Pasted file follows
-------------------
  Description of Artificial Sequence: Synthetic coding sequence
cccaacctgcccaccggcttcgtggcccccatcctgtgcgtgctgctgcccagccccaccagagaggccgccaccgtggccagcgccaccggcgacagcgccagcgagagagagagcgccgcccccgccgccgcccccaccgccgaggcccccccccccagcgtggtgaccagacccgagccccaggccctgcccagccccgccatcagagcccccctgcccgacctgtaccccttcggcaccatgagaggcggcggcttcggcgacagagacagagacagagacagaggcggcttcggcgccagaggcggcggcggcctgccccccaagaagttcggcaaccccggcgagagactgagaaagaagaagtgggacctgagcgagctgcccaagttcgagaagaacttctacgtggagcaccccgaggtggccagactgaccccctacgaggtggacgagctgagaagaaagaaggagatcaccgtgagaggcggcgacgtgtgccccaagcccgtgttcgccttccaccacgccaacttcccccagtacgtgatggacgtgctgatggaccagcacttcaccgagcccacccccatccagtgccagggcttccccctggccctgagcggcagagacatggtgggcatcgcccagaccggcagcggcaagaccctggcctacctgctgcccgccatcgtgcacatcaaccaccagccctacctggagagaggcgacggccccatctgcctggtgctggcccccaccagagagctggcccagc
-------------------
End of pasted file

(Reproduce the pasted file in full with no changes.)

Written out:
  Description of Artificial Sequence: Synthetic coding sequence
cccaacctgcccaccggcttcgtggcccccatcctgtgcgtgctgctgcccagccccaccagagaggccgccaccgtggccagcgccaccggcgacagcgccagcgagagagagagcgccgcccccgccgccgcccccaccgccgaggcccccccccccagcgtggtgaccagacccgagccccaggccctgcccagccccgccatcagagcccccctgcccgacctgtaccccttcggcaccatgagaggcggcggcttcggcgacagagacagagacagagacagaggcggcttcggcgccagaggcggcggcggcctgccccccaagaagttcggcaaccccggcgagagactgagaaagaagaagtgggacctgagcgagctgcccaagttcgagaagaacttctacgtggagcaccccgaggtggccagactgaccccctacgaggtggacgagctgagaagaaagaaggagatcaccgtgagaggcggcgacgtgtgccccaagcccgtgttcgccttccaccacgccaacttcccccagtacgtgatggacgtgctgatggaccagcacttcaccgagcccacccccatccagtgccagggcttccccctggccctgagcggcagagacatggtgggcatcgcccagaccggcagcggcaagaccctggcctacctgctgcccgccatcgtgcacatcaaccaccagccctacctggagagaggcgacggccccatctgcctggtgctggcccccaccagagagctggcccagc